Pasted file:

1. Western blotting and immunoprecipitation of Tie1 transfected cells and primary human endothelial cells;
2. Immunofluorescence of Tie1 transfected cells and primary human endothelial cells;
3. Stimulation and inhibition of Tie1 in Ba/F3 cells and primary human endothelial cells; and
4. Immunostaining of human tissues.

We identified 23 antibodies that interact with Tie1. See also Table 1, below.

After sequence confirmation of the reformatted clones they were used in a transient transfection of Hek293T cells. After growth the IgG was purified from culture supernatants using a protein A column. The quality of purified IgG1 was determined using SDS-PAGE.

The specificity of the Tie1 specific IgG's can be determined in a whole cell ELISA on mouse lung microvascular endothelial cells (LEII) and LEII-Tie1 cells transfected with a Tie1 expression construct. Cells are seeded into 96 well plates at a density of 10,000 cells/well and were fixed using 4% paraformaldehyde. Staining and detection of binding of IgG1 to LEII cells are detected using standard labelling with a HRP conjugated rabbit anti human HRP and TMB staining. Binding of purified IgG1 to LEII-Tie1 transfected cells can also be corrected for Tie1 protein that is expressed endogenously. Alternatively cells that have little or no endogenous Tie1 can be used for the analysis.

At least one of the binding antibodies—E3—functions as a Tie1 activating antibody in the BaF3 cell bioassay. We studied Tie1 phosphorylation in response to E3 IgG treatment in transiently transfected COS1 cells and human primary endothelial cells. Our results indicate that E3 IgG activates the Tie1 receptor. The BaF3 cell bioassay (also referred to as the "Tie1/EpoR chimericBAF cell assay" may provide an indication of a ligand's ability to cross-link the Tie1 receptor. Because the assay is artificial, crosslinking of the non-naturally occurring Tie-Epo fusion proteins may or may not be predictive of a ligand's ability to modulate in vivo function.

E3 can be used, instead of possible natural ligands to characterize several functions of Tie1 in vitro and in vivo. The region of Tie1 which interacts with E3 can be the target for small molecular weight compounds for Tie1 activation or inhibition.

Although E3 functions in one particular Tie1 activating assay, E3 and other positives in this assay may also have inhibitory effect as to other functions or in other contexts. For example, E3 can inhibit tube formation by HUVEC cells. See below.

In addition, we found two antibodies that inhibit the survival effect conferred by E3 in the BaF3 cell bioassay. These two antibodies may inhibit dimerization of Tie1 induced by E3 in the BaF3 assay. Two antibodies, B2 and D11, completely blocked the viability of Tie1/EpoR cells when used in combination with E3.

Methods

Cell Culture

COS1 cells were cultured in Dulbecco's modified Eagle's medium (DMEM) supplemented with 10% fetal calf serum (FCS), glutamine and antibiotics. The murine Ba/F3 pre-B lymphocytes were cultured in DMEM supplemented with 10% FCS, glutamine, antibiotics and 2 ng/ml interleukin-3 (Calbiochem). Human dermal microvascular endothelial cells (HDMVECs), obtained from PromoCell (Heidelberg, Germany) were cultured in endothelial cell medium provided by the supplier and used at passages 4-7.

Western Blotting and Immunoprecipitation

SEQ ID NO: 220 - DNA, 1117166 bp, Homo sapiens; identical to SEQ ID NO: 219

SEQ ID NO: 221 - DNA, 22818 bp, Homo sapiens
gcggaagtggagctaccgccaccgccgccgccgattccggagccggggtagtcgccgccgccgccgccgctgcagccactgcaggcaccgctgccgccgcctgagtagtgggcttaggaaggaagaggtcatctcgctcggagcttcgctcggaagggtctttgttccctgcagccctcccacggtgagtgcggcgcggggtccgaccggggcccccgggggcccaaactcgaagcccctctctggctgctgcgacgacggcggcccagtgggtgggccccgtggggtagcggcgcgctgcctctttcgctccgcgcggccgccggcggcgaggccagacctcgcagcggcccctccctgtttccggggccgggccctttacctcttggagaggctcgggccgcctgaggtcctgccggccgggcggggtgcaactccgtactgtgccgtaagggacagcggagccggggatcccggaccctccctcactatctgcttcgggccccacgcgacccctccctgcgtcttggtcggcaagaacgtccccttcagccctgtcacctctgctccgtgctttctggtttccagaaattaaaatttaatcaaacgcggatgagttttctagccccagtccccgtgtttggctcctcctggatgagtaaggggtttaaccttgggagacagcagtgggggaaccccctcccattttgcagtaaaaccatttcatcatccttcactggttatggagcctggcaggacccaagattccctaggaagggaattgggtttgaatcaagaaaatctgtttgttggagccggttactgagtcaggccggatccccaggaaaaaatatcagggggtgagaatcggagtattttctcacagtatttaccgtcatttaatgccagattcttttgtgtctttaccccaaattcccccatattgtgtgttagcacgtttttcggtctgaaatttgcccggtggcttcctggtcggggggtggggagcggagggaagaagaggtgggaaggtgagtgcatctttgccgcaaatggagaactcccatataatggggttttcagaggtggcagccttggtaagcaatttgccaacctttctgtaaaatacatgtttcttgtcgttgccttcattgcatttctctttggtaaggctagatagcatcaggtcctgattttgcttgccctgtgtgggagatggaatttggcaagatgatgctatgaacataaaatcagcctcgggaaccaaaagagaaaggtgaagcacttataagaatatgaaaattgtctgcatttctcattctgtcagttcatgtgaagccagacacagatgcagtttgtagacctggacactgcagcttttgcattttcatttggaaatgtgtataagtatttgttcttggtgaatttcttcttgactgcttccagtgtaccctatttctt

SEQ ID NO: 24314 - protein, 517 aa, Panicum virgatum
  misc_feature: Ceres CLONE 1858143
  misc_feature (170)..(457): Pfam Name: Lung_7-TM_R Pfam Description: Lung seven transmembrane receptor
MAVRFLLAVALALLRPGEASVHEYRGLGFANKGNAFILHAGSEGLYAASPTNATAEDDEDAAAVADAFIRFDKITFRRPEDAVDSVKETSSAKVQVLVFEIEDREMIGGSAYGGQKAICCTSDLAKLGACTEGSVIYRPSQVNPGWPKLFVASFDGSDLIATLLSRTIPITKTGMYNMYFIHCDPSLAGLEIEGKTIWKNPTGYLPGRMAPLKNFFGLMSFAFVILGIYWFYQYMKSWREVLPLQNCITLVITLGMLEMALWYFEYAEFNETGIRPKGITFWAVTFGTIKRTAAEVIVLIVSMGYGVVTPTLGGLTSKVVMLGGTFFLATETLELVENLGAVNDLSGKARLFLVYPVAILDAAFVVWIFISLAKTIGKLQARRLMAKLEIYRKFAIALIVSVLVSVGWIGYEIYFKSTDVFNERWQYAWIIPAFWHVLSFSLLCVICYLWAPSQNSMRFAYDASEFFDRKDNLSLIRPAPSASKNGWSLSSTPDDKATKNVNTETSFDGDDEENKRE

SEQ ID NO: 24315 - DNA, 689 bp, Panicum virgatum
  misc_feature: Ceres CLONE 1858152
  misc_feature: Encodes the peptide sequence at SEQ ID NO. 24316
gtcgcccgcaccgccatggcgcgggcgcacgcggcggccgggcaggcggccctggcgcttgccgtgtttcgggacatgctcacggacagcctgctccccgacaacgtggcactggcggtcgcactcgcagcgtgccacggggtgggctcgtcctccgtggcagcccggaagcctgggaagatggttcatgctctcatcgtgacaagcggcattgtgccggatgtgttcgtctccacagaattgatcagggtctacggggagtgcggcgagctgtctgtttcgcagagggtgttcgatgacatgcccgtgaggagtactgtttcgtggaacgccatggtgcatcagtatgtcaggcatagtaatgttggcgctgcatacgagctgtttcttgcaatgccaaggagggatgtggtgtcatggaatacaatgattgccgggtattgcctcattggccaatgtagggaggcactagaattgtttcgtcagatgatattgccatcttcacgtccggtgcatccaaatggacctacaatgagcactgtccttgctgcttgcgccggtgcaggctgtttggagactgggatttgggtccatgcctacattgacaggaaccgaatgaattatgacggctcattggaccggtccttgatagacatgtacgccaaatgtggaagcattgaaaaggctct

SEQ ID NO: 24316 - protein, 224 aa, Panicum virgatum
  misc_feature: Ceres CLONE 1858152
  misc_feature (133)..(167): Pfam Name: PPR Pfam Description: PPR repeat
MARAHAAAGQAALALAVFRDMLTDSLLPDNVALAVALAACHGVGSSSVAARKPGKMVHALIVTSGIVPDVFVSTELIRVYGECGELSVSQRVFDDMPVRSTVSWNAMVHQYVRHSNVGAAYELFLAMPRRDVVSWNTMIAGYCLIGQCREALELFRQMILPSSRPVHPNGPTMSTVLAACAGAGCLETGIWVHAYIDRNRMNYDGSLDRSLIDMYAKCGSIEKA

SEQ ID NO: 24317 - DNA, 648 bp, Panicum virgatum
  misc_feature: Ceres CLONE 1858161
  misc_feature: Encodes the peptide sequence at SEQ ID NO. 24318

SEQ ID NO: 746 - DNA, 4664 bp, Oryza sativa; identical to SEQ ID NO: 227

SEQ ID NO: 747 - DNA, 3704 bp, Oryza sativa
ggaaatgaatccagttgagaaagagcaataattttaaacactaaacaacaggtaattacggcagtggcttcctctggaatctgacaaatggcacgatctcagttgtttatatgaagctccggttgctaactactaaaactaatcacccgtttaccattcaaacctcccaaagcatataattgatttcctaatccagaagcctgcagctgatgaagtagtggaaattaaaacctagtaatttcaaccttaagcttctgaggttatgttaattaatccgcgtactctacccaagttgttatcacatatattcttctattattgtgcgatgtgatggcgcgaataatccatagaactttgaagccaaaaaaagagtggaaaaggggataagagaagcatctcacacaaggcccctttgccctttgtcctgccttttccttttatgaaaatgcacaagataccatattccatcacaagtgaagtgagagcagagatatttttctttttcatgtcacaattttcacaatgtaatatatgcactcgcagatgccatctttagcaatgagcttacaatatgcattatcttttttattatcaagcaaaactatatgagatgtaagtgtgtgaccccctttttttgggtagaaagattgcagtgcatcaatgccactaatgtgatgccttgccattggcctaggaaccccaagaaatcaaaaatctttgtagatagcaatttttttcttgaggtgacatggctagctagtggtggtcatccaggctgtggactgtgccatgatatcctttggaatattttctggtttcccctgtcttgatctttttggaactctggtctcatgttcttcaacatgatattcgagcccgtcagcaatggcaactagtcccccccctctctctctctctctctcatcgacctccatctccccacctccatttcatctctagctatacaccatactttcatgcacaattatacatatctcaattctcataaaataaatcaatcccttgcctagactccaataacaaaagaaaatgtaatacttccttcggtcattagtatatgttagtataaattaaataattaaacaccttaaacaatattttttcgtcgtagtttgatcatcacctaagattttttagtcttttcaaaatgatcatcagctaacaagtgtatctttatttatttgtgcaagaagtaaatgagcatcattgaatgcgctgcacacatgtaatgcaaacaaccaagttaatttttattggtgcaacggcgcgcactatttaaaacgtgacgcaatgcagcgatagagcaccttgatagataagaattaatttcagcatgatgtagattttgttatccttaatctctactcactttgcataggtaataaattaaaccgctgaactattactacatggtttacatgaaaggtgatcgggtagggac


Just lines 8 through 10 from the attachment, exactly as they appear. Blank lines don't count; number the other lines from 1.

At least one of the binding antibodies—E3—functions as a Tie1 activating antibody in the BaF3 cell bioassay. We studied Tie1 phosphorylation in response to E3 IgG treatment in transiently transfected COS1 cells and human primary endothelial cells. Our results indicate that E3 IgG activates the Tie1 receptor. The BaF3 cell bioassay (also referred to as the "Tie1/EpoR chimericBAF cell assay" may provide an indication of a ligand's ability to cross-link the Tie1 receptor. Because the assay is artificial, crosslinking of the non-naturally occurring Tie-Epo fusion proteins may or may not be predictive of a ligand's ability to modulate in vivo function.

E3 can be used, instead of possible natural ligands to characterize several functions of Tie1 in vitro and in vivo. The region of Tie1 which interacts with E3 can be the target for small molecular weight compounds for Tie1 activation or inhibition.

Although E3 functions in one particular Tie1 activating assay, E3 and other positives in this assay may also have inhibitory effect as to other functions or in other contexts. For example, E3 can inhibit tube formation by HUVEC cells. See below.